Audeze just put 90mm planar magnetic drivers in new $399 cans and I need them

Audeze MM-100 headphones on black background
(Image credit: Audeze)

Regular readers will need no further fanfare from me when it comes to Audeze, makers of the excellent $1,300 Audeze Euclid planar magnetic in-ears, the fabulous $1,199 Audeze LCD-X and the best-in-class 'affordable' Audeze LCD-1 – if $399 counts as affordable in your book. 

And that last set of headphones is perhaps most pertinent here since, while excellent, the LCD-1 was released in 2019. But now Audeze has released a new proposition that still boasts 90mm planar magnetic drivers and still costs just $399 (which is around £320 or AU$599, but those prices are unofficial). 

The name? Audeze MM-100. Remember you heard it here first…  

Audeze MM-100 headphones in profile on white background

Look at that circumaural design though…  (Image credit: Audeze)

Will this model prove to be among the best headphones of 2023? I mean, I can't say for sure, but if I were a gambling woman… the competition is fierce at that level, with the likes of the Bowers & Wilkins PX8, the Focal Bathys and of course the Sony WH-1000XM5 in that category; but remember, none of those are planar magnetic solutions.

As a quick recap: planar magnetic drivers are different to the more typically-used dynamic drivers in headphones in that they use a flat diaphragm, rather than the traditional cone-shaped or dome-shaped membrane. This is then sandwiched between an array of magnets to create an evenly-suspended diaphragm in between permanent magnetic fields. Why should you want that? Planar magnetic drivers make the headphones that use them extremely resistant to various types of audio and electronic distortion – aka you get clearer, more detailed, better music. 

All of this, for just $399? I know, I'm intrigued too… 

Opinion: for this money, Audeze is looking at a sure-fire hit and then some with its MM-100 over-ear cans

Audeze MM-100 headphones on white background

Might these be the best $399 headphones you could possibly put over your ears?  (Image credit: Audeze)

Aside from those drivers (nine centimeters, covering each ear in a circumaural, open-back design) the other ace up the MM-100's sleeve is that these headphones were made in collaboration with 17-time Grammy-winning engineer/producer Manny Marroquin.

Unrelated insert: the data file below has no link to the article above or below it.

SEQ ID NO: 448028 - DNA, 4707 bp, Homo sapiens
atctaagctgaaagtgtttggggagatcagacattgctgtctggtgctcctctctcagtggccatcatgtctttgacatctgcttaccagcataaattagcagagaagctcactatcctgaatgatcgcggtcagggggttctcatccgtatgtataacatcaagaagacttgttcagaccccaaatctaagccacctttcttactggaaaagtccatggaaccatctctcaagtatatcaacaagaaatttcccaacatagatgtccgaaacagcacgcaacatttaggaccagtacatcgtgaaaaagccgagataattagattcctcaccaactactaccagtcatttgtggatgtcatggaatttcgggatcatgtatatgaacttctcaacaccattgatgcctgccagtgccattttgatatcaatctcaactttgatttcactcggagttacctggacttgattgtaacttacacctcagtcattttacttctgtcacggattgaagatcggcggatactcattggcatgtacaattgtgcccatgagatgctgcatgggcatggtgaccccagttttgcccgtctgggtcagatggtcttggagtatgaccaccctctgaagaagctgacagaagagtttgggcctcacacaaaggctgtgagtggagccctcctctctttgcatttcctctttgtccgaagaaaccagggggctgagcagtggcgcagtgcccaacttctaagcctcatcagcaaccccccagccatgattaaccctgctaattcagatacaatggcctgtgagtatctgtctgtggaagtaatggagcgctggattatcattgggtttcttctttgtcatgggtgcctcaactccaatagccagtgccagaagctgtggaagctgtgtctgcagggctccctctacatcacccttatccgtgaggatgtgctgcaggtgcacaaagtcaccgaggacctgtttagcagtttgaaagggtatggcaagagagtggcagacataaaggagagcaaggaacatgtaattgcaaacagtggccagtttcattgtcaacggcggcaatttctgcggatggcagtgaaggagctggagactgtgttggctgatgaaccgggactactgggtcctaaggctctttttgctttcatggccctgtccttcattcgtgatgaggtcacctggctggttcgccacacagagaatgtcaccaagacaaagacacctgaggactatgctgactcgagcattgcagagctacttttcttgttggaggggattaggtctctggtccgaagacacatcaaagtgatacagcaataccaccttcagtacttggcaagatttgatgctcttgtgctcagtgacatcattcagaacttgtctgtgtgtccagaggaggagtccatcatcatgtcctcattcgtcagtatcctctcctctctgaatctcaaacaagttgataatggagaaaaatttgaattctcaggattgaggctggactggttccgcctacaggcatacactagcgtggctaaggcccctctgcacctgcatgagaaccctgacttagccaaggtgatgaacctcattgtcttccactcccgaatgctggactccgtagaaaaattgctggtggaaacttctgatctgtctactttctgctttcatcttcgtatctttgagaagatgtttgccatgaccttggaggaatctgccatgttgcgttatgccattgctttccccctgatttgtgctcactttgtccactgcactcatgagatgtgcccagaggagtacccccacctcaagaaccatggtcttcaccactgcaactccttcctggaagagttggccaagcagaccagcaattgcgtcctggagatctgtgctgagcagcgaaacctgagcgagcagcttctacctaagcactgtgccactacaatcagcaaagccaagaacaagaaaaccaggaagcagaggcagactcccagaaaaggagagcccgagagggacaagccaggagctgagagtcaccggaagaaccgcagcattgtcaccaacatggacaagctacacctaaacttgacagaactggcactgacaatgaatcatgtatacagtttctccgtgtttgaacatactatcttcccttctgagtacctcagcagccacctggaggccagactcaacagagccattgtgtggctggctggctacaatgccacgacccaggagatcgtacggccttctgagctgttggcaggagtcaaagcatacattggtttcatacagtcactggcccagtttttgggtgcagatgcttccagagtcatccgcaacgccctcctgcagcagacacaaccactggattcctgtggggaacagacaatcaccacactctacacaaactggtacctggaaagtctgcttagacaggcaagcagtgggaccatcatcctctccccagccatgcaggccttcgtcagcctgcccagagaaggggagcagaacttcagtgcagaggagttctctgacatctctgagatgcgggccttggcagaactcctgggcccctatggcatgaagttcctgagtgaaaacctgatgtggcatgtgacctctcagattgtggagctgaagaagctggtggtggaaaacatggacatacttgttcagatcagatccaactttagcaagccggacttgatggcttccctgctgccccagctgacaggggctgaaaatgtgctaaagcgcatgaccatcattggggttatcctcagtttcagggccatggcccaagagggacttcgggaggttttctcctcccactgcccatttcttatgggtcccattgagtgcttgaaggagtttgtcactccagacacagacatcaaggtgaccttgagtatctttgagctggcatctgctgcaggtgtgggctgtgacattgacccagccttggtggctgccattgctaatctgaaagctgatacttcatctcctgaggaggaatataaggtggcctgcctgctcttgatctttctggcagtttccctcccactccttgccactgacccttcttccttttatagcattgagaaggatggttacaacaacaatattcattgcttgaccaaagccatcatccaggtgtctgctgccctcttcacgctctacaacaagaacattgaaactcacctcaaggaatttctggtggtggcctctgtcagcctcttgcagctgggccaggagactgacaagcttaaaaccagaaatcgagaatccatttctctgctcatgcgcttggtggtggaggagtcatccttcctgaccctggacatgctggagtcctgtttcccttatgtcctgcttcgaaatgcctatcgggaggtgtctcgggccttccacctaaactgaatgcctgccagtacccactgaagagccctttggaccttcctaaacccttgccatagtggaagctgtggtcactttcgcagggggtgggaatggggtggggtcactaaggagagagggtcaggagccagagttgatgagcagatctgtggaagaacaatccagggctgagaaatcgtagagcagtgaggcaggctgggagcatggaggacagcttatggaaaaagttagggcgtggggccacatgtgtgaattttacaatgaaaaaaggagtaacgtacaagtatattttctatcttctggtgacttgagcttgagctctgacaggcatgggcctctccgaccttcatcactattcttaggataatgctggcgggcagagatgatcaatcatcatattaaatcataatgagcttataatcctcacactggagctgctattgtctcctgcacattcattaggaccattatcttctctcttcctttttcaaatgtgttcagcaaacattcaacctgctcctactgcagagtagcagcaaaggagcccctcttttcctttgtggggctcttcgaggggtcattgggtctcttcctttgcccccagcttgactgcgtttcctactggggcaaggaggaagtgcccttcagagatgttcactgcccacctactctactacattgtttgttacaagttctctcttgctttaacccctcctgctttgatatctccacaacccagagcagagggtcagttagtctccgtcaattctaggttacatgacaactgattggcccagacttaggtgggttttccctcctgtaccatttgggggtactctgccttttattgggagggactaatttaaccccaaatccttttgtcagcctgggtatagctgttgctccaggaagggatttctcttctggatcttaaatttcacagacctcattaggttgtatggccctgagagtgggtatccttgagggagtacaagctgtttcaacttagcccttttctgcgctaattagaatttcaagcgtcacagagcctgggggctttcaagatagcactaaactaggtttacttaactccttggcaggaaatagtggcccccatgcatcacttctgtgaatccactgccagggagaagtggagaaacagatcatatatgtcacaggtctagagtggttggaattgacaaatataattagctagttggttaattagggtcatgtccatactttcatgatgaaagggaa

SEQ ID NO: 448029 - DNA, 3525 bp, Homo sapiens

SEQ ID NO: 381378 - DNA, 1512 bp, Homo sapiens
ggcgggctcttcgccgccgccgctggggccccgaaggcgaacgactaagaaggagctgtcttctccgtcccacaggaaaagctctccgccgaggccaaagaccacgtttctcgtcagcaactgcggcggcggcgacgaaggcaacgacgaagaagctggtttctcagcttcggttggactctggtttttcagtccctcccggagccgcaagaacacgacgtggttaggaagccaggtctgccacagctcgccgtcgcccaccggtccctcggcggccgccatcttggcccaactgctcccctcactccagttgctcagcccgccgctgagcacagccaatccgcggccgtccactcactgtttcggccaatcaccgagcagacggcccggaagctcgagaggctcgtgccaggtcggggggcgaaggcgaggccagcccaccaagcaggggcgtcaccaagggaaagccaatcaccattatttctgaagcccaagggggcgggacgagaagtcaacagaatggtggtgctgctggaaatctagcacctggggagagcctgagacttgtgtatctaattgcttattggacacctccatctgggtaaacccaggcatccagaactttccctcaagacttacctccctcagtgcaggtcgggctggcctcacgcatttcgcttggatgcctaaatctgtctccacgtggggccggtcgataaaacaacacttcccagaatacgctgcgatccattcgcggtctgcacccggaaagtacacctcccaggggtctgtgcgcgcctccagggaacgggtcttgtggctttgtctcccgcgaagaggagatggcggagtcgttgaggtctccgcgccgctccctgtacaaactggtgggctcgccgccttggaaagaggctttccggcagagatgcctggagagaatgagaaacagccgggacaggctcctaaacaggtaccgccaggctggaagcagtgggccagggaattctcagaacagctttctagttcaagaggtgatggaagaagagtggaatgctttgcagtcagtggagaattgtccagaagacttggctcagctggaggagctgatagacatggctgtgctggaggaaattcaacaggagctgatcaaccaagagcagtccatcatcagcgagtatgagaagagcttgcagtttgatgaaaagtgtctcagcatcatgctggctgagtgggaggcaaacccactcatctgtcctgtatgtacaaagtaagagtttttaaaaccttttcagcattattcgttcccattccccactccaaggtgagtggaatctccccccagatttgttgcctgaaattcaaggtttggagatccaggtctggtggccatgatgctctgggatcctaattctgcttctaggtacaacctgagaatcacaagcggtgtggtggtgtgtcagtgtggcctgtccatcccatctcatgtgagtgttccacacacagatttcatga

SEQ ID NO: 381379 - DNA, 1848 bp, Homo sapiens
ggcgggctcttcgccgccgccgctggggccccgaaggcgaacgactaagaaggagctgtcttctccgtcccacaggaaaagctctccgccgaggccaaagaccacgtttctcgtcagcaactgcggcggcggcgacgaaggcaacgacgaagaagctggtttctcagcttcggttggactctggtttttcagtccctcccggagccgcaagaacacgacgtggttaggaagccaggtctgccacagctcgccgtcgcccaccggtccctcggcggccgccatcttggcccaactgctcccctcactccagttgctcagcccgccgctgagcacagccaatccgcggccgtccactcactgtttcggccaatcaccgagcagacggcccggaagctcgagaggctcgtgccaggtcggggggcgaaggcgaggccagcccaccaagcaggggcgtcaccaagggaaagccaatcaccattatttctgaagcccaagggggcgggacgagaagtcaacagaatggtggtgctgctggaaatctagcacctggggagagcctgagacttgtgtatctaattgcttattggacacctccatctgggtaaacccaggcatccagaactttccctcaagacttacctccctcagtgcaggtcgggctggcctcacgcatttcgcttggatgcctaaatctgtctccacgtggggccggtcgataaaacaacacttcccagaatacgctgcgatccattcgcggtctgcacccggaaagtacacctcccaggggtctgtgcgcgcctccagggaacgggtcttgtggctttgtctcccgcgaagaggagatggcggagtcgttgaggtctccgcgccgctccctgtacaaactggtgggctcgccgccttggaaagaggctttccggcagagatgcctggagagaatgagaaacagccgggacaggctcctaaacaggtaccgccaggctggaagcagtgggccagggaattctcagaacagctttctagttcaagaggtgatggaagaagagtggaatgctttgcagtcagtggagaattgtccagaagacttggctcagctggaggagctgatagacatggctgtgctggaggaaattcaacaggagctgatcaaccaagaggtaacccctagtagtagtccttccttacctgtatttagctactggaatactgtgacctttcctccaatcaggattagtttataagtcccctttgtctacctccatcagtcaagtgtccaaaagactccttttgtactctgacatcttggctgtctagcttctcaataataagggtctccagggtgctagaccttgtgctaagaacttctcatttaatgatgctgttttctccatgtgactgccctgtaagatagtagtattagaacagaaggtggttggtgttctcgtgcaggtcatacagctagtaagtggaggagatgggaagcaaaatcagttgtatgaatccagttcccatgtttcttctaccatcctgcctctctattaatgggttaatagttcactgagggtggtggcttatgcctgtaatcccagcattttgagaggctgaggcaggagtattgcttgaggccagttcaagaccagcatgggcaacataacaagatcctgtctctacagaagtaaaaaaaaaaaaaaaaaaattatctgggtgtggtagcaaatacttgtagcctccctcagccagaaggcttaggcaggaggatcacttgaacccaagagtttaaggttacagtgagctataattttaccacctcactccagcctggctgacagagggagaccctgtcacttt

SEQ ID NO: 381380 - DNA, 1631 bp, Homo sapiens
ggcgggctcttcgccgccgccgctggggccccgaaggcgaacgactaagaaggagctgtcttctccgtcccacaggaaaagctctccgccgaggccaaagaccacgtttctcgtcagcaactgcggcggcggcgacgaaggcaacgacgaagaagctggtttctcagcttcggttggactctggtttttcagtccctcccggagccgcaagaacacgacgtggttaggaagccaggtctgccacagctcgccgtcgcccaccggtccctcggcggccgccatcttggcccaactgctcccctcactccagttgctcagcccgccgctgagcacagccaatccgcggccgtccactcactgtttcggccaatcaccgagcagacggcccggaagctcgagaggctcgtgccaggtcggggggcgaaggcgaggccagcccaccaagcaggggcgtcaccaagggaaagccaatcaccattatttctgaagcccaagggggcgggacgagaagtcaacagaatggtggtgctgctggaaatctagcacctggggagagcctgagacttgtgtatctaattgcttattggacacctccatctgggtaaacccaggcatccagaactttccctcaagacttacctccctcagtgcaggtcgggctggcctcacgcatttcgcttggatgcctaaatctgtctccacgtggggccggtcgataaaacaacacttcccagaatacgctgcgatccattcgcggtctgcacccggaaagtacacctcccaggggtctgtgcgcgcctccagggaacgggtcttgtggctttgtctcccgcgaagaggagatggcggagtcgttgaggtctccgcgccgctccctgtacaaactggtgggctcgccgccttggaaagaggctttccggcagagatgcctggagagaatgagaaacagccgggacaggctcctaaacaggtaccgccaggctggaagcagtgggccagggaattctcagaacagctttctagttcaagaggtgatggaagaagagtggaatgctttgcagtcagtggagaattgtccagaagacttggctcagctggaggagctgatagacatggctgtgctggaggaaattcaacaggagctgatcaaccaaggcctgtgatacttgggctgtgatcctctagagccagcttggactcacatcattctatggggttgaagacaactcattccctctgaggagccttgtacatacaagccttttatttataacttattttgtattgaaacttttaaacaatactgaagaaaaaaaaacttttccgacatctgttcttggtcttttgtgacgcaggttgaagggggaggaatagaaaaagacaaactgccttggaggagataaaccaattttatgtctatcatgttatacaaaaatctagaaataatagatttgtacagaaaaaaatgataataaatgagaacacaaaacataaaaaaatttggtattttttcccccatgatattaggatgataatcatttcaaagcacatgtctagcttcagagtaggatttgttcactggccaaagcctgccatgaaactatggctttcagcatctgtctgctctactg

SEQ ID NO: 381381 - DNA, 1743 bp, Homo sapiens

The MM-100 features a new lightweight chassis, boasting premium materials but weighing just 375g – for comparison, the excellent but almost entirely plastic Sony WH-100XM4 weigh 254g, while the much-more-metal build of the Beyerdynamic Amiron Wireless sees them weigh in at 380g. 

Audeze tells us the MM-100 are actually based on the company's MM-500, and carry forward the highly regarded tuning from those 90mm planar magnetic drivers, which should make the MM-100 easy to drive from any console, interface, or laptop – no portable DAC required (although I'd still recommend one to have the cans singing at their best).

If you need to hear it, Audeze’s Uniforce diaphragms, Fazor waveguides and Fluxor Magnets are all here too, and the headphones have been Industry-tested and refined by top recording artists at the Larrabee Studios in Hollywood. 

Audeze's MM-100 over-ear headphones are assembled in the USA, with first shipments expected in May. I cannot wait to hear them and perhaps invite them to join TechRadar's roundup of the best over-ear headphones we've had the pleasure of wearing. And yes, I realize I may have to join a long line… 

Becky Scarrott
Audio Editor

Becky became Audio Editor at TechRadar in 2024, but joined the team in 2022 as Senior Staff Writer, focusing on all things hi-fi. Before this, she spent three years at What Hi-Fi? testing and reviewing everything from wallet-friendly wireless earbuds to huge high-end sound systems. Prior to gaining her MA in Journalism in 2018, Becky freelanced as an arts critic alongside a 22-year career as a professional dancer and aerialist – any love of dance starts with a love of music. Becky has previously contributed to Stuff, FourFourTwo and The Stage. When not writing, she can still be found throwing shapes in a dance studio, these days with varying degrees of success.